Those of you who have seen the film will have noticed how whilst wearing the suit, both Hank Pym and Scott Lang were capable of physically harming six-foot tall humans, even while miniature. Muscle strength depends on the square of a person’s height, which is why under ordinary circumstances, we are stronger than ants. However, we are not stronger than ants in relative terms, as ants can lift up to fifty times their own weight. When was the last time you lifted that much? Due to this relationship, when height decreases, strength also decreases, though at a much slower rate. Ant-Man’s strength could also come from the fact that he still maintains his mass when ant-sized. His mass is condensed into a much smaller package, so can create a much greater force than he would if his mass decreased along with size, to the mass of an ant. This is why during the film, we saw that Ant-Man was capable of breaking tiles, denting car rooves and knocking humans to the ground; he still had a lot of mass behind a punch, or fall, and it was all focused in a much smaller area.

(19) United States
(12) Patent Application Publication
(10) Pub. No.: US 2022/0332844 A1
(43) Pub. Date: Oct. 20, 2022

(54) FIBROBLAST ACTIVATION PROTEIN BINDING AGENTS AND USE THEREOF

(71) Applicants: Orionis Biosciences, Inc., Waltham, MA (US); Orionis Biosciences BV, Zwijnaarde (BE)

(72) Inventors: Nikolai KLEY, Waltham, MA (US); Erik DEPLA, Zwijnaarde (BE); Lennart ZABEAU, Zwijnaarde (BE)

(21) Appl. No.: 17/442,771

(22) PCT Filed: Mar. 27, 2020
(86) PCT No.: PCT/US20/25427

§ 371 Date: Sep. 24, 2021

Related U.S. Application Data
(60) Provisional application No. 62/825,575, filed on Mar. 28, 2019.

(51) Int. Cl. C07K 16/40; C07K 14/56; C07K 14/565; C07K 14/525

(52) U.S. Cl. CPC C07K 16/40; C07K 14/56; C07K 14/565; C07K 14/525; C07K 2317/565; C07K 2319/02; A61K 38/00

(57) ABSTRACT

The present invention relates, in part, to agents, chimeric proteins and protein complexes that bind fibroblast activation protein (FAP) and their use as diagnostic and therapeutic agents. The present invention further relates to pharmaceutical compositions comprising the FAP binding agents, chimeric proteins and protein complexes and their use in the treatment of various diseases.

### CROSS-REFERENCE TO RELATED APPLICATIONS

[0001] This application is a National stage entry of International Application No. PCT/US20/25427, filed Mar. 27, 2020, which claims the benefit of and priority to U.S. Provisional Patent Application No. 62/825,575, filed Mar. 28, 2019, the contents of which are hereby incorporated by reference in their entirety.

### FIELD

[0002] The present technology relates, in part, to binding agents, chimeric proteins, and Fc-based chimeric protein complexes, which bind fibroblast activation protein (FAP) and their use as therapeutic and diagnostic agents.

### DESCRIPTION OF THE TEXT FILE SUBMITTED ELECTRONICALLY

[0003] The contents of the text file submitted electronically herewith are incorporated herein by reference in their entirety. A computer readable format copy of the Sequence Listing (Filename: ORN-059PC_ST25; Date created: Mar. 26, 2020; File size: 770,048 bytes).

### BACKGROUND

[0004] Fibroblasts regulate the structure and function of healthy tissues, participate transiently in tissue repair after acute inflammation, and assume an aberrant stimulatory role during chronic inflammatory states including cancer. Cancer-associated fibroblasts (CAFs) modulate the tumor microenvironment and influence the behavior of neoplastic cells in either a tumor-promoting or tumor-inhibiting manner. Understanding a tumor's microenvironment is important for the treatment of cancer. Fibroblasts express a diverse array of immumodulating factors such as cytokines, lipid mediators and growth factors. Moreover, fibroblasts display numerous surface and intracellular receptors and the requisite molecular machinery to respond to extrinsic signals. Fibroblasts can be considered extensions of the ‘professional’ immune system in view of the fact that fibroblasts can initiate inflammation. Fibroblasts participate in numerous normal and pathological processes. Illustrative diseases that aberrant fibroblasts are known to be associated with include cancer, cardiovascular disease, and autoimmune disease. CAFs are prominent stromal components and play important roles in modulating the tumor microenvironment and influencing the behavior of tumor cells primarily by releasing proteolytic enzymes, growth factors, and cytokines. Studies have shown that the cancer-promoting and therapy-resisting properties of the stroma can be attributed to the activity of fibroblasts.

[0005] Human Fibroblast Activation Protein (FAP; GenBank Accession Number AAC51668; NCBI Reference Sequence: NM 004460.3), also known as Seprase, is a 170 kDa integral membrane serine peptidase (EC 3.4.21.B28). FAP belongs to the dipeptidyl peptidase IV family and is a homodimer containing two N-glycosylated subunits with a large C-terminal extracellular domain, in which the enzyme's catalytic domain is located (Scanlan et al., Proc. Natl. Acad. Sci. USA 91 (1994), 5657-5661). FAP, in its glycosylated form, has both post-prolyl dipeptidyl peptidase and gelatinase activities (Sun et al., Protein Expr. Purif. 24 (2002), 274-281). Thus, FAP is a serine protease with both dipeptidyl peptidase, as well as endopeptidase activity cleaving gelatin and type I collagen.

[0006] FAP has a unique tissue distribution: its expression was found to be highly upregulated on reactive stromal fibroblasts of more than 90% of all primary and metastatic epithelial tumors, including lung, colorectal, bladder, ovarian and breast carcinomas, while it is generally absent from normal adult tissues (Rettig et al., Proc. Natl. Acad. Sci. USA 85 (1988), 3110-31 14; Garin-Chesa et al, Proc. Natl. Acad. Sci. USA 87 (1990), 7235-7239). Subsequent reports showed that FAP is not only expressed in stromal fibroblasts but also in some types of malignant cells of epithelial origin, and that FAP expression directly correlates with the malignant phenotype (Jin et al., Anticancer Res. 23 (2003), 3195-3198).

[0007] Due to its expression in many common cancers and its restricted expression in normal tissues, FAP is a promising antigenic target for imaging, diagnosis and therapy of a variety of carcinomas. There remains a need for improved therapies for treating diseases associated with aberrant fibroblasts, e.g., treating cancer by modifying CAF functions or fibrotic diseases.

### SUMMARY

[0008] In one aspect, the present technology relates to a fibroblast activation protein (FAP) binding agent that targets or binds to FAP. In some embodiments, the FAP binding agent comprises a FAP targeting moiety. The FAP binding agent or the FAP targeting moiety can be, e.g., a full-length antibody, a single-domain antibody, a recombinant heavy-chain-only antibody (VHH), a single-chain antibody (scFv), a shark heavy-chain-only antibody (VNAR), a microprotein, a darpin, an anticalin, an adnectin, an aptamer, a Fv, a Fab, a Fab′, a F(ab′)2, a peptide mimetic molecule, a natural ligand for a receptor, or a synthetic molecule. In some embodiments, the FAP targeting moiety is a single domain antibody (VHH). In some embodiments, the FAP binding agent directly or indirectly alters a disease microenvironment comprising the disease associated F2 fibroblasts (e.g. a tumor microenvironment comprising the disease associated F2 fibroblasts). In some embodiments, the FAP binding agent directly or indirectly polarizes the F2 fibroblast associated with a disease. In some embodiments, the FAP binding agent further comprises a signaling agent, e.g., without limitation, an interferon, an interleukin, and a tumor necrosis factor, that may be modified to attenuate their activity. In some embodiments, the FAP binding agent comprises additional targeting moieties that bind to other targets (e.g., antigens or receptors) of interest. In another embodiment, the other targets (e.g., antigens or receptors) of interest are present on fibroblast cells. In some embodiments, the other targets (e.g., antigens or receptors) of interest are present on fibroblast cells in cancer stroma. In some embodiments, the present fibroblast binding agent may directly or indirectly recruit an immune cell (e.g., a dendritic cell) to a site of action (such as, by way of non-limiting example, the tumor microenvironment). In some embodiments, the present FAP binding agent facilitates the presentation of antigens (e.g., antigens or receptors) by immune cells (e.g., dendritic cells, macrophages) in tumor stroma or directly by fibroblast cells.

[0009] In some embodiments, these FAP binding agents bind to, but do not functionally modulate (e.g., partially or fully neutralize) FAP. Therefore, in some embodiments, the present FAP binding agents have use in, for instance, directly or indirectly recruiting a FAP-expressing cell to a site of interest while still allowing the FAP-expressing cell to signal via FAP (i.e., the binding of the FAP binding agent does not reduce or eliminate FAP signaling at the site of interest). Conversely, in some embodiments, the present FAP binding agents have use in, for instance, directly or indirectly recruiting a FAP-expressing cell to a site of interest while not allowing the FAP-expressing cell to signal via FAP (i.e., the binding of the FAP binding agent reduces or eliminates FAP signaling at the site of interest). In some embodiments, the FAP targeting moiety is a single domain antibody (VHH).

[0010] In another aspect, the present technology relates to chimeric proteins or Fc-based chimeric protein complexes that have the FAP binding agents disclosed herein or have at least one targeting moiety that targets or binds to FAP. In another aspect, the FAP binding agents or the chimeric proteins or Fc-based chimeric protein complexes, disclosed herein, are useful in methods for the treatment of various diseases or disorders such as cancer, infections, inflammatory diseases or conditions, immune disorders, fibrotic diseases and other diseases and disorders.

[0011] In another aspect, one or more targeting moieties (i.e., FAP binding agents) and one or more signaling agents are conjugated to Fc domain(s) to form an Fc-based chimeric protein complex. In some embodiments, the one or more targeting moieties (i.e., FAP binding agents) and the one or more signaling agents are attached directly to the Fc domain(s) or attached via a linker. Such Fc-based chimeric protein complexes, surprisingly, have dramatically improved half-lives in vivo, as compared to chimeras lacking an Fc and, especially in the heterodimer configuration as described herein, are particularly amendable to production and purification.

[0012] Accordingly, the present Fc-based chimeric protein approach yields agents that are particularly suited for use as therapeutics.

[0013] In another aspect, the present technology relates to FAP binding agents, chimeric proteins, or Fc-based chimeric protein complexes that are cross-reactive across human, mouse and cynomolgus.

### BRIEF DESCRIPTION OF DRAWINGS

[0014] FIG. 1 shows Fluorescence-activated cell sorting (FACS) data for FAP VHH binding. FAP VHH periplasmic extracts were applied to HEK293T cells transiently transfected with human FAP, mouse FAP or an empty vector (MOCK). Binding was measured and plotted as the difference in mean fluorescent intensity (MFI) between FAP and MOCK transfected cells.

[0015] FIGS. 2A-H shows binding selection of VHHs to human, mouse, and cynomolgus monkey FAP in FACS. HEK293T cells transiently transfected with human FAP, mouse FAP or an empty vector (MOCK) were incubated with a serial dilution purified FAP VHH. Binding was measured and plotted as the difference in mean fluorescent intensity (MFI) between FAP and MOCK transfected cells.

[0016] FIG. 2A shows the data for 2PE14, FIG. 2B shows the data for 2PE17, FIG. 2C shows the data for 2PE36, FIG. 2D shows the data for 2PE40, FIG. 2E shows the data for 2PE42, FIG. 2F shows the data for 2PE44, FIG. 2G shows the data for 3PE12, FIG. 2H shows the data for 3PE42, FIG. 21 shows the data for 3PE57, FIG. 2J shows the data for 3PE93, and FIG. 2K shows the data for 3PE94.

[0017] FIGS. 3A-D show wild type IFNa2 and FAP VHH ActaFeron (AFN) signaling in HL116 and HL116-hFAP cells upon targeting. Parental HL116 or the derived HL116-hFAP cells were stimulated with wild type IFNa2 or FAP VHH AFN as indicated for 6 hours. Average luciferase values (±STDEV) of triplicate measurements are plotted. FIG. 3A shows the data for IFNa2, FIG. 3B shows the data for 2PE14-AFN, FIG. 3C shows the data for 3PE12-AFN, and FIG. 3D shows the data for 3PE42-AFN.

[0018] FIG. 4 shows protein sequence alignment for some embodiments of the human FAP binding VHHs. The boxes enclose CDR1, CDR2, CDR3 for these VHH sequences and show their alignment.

Communicating with Ants

SSL11903p” by Sean.hoylandOwn work